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Cruising down the sidewalk on her training-wheeled bike, my daughter pedals toward me, grinning. I wave at her and start to call out “Great job!” but change it at the last minute to “Look at you, balancing on that bike!” Why the sudden correction in my praise? Does it really matter if I say “Great job!” or specify what I think she is doing well? Apparently, yes.
Process Based Praise
Process based praise is being held in high regard these days, with studies showing that children whose parents used praise based on their behavior and efforts instead of the results of their performances had stronger self-images and were more motivated and willing to take risks (in the safe, positive sense of the word).
Personally, I think it just makes sense. True, I’m still going to tell say things like “Great job!” (as well as “You are the best kid ever!” or “You’re the handsomest guy I know”- to my husband, that is, not my kids), but praising someone for their hard work and effort rings true to me. It shows them that I am paying attention to what they are doing, not just sticking a choice phrase on at the end of a performance. It encourages effort.
It also takes more effort on my part, which is why it is something I have work at daily. Is it awful that I sometimes (OK, lots of times) say things like, “Wow! That’s so great!” at the end of a way too long, rambling toddler story that I haven’t listened to a word of? What if, instead, I actually paid attention and responded with something that showed my interest in my child’s words? I’ll admit that there will always be times I just have to tune out (as anyone with a very verbal youngster will most likely understand), but using processed based praise requires me to give a little more of my energy and attention to the good things that the people around me are doing, and that is definitely a good thing.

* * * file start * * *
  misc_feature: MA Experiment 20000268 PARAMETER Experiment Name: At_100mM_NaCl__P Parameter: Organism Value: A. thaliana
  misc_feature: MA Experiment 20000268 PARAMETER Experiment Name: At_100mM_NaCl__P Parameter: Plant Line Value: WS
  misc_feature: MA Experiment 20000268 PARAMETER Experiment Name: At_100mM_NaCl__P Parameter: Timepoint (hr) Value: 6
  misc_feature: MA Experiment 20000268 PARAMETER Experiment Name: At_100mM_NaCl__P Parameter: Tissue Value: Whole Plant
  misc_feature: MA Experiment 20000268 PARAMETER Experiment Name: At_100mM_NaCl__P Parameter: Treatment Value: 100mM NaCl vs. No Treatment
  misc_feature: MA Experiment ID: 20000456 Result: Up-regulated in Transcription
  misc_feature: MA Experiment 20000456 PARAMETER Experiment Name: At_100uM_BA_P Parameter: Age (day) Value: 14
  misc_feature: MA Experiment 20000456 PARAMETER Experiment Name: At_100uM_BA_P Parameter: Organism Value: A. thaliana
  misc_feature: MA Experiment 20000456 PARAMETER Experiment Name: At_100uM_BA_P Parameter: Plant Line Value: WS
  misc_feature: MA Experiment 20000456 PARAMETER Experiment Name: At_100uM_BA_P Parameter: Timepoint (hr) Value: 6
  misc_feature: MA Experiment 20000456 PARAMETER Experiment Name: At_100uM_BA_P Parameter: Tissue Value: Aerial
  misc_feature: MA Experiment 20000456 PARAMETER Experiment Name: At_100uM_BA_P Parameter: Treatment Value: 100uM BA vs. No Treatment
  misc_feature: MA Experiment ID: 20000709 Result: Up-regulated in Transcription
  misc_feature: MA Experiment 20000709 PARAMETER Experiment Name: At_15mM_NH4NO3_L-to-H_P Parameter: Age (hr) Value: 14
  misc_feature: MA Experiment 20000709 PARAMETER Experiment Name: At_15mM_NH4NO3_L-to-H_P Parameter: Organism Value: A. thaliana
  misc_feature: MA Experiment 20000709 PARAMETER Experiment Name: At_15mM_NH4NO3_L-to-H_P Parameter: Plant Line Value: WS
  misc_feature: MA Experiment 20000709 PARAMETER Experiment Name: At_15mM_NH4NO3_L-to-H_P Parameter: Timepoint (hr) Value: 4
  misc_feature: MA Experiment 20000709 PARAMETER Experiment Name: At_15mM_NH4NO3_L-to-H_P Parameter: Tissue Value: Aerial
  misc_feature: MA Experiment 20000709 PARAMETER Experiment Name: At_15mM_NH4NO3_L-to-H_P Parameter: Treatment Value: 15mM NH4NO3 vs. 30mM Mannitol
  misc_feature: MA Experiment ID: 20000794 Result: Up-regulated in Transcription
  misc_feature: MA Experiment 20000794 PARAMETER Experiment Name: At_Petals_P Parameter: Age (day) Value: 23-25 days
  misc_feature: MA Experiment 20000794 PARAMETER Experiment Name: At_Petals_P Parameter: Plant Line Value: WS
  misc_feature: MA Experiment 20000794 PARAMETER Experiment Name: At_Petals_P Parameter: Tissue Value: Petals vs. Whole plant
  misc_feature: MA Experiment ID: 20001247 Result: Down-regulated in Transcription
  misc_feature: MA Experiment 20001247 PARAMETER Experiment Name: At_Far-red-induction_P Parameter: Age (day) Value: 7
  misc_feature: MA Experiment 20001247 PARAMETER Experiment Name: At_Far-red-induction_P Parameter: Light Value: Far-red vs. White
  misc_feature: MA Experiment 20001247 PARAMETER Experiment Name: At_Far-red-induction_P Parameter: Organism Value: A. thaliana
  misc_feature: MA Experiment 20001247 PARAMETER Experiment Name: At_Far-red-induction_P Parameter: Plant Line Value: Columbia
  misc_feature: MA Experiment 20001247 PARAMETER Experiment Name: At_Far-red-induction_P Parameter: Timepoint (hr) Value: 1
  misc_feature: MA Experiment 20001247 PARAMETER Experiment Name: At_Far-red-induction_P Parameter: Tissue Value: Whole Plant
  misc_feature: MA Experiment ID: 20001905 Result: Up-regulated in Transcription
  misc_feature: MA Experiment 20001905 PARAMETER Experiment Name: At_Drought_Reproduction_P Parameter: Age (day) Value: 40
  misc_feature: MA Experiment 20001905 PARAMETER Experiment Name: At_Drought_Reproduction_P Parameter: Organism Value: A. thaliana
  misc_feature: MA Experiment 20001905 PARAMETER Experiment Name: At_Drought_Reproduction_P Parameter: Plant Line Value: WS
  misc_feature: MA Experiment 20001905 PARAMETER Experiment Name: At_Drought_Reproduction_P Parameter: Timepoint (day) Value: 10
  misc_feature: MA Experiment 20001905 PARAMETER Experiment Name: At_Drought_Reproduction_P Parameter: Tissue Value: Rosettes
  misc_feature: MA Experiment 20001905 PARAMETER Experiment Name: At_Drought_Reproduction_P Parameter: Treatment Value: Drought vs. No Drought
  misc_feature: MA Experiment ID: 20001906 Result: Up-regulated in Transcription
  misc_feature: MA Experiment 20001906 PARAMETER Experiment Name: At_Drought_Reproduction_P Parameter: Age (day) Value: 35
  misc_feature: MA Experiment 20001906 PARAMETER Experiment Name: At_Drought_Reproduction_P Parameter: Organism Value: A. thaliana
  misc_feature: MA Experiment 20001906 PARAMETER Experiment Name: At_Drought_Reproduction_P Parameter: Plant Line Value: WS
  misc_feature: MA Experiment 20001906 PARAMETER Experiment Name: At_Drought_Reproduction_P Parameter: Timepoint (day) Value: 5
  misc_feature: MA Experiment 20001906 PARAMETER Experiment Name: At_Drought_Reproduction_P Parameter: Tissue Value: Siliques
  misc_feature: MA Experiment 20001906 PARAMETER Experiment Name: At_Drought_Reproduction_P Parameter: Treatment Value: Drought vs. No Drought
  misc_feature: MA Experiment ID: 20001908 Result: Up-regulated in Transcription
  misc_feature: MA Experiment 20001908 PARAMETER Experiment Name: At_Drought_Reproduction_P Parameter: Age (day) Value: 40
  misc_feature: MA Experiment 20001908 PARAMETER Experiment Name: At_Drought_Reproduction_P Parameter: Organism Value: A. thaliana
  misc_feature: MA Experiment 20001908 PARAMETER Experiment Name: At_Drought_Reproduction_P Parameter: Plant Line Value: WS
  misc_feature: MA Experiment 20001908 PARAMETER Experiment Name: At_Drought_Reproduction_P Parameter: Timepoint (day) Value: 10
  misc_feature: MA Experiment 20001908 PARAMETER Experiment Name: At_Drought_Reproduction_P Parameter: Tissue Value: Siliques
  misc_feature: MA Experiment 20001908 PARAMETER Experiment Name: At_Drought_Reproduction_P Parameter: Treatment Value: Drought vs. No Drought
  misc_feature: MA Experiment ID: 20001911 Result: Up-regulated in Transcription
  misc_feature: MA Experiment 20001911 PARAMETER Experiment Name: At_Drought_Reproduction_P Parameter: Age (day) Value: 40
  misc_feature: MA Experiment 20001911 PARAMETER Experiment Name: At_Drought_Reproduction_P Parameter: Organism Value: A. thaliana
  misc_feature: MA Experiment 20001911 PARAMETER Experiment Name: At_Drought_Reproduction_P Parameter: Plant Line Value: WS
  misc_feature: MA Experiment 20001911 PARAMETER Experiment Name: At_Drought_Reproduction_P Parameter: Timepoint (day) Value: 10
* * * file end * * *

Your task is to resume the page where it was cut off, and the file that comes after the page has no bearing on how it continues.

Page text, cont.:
In Praise of the Positive Process
I can use positive, process based praise with everyone, not just my kids. Which comment would ring true and mean more to a spouse – “Thank for food shopping; you’re the best!” or “You got the groceries after you worked all day? Thank you so much.”
These types of positive, processed based praise statements can even be simple assertions of what we are observing, “You are eating so much of your dinner!” or “You made the effort to get here early; thank you!” When we acknowledge someone’s effort with a positive statement, they are more likely to make the effort again.
We’ve validated their hard work and their time spent, and will most likely see more hard work from them in the future because of it. We may also start to notice just how much effort those around us really do put in, and feel ourselves becoming more appreciative of and happy about the people around us because of it.